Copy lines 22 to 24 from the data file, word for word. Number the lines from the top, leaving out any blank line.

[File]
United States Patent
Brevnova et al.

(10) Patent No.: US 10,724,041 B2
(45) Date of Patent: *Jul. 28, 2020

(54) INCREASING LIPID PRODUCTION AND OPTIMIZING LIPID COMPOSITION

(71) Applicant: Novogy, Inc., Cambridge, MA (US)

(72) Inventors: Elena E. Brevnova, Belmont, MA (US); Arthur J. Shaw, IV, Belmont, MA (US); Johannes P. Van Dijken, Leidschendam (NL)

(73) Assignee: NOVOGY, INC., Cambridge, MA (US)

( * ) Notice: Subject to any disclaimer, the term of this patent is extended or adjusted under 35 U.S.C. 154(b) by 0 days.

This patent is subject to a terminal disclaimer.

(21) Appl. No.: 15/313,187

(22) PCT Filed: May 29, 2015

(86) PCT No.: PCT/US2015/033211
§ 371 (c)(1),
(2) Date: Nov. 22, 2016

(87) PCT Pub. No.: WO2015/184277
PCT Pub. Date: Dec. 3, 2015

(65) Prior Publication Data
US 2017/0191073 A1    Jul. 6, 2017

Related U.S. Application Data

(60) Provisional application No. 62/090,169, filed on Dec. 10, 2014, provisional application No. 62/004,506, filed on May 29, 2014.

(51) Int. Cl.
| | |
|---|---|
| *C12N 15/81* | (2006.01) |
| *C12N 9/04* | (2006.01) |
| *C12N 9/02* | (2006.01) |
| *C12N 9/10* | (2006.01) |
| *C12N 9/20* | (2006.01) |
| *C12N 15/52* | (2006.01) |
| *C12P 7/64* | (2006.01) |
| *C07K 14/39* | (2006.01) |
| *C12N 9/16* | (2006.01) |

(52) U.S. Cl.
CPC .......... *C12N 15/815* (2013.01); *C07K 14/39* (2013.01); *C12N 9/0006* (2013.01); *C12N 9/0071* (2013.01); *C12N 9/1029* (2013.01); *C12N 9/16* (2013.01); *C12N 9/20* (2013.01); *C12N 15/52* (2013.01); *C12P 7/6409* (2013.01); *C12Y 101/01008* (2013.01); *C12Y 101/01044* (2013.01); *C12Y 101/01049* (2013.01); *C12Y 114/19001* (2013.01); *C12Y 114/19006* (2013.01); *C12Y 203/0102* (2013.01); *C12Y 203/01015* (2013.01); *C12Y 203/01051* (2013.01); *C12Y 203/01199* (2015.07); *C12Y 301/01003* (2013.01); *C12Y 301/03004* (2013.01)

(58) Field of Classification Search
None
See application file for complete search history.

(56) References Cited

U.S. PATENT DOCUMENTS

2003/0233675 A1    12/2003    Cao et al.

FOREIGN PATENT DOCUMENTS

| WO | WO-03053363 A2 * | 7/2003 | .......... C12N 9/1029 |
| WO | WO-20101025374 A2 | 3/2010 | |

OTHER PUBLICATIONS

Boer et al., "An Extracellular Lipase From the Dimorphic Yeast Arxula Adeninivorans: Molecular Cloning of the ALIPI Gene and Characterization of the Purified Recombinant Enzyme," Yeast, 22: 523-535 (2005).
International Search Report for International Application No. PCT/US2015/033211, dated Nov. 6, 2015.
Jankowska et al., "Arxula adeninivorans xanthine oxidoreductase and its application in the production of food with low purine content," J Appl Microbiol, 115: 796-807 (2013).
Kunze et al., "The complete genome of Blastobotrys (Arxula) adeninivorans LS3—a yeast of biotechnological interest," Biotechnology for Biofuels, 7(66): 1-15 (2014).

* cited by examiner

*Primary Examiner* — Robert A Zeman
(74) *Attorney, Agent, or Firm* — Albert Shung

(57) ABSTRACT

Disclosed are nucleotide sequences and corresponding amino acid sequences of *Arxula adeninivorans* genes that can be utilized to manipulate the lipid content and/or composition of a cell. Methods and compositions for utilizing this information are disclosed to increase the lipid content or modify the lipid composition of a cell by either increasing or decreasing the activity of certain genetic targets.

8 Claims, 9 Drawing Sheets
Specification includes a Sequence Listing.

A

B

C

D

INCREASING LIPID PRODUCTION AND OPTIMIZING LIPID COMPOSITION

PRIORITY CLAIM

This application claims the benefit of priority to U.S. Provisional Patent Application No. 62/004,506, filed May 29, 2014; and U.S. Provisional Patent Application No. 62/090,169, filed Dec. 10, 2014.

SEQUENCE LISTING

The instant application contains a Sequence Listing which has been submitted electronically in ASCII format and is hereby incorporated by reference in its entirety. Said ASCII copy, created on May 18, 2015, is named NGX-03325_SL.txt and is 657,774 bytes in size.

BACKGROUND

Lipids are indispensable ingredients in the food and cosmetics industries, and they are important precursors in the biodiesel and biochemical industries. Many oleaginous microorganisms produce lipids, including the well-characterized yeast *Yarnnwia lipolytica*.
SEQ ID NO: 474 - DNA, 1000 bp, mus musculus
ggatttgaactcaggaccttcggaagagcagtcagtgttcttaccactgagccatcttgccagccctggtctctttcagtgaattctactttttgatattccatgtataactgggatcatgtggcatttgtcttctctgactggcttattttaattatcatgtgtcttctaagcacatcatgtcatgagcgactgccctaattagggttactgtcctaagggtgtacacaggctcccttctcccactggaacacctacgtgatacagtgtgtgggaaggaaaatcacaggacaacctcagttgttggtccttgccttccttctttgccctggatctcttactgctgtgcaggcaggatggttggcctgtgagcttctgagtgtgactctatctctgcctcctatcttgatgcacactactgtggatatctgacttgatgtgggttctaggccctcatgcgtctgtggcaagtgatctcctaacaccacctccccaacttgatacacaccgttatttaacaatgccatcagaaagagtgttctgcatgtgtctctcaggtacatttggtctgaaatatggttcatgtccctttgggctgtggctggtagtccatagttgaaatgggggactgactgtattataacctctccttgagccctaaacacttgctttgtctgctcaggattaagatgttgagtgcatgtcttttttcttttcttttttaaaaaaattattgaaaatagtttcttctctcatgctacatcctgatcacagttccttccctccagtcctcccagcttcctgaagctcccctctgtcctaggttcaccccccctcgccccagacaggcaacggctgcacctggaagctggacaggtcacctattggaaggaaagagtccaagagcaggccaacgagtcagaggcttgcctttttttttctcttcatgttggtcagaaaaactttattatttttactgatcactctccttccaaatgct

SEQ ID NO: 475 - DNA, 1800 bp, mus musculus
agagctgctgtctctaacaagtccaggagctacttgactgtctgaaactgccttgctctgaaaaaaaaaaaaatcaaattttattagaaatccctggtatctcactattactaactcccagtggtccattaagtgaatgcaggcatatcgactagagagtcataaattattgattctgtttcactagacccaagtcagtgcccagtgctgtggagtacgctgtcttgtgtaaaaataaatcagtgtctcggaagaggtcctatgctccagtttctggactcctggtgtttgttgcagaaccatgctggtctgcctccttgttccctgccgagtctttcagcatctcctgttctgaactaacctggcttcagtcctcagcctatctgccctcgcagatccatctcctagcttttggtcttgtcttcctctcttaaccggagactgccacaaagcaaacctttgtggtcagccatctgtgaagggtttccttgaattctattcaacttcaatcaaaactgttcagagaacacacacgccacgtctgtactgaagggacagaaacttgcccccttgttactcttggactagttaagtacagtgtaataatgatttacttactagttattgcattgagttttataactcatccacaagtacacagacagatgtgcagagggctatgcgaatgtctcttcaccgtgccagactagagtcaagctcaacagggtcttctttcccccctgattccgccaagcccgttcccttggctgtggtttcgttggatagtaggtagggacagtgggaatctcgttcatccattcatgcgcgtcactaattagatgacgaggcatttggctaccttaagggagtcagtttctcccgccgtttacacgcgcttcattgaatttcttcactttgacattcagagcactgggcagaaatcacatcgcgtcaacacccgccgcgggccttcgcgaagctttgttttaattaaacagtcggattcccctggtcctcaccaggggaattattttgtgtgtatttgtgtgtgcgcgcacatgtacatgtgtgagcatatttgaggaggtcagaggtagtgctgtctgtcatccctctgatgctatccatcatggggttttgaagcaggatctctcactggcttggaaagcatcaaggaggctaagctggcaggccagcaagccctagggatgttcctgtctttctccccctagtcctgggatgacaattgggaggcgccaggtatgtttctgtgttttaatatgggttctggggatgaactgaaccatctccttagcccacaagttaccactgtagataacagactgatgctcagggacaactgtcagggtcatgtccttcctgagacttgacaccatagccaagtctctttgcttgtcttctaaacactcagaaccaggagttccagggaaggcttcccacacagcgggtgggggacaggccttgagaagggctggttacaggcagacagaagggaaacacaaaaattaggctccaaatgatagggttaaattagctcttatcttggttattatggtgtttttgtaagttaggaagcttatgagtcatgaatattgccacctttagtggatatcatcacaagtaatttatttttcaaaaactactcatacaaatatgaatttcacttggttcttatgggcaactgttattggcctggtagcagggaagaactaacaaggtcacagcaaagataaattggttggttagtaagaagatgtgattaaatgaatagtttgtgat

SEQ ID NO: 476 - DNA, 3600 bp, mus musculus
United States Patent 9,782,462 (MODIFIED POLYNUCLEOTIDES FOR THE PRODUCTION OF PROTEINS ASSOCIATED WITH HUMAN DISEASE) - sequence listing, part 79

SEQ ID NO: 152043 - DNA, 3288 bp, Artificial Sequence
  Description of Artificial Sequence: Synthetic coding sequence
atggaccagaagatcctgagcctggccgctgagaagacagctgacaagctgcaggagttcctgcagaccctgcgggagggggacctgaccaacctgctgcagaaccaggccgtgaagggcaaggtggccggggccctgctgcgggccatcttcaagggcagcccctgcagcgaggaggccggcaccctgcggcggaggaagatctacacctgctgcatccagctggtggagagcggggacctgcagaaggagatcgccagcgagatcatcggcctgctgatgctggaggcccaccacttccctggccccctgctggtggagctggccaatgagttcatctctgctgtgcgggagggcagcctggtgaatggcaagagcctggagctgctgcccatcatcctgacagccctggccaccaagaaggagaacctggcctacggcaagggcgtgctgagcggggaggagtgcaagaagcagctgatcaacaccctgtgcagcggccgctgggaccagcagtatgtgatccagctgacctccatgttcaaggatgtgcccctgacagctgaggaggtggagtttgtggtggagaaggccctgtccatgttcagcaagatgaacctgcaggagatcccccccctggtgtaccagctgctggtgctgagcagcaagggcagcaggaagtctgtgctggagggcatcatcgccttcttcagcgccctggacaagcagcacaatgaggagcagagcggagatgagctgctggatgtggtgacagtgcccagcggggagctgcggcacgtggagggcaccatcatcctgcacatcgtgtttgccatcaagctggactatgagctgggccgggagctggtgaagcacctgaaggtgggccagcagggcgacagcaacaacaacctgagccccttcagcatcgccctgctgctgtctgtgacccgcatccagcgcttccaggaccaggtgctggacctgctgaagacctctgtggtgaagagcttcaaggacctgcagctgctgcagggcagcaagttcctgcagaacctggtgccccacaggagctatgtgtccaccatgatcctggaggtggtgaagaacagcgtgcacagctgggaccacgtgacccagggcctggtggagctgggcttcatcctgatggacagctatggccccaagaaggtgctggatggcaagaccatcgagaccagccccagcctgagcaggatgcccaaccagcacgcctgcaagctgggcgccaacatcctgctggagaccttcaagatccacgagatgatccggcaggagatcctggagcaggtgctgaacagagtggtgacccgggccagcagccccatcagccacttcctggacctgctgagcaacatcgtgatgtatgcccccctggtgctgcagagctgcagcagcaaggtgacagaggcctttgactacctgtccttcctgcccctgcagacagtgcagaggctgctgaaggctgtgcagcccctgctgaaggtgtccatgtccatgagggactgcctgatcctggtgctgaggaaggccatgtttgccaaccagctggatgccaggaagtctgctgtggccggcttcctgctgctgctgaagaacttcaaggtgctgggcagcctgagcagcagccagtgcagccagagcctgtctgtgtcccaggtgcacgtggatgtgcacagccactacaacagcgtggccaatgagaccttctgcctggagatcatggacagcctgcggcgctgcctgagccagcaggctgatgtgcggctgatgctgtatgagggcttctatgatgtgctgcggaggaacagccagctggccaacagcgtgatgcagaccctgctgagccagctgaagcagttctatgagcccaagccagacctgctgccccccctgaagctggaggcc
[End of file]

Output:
(51) Int. Cl.
| | |
|---|---|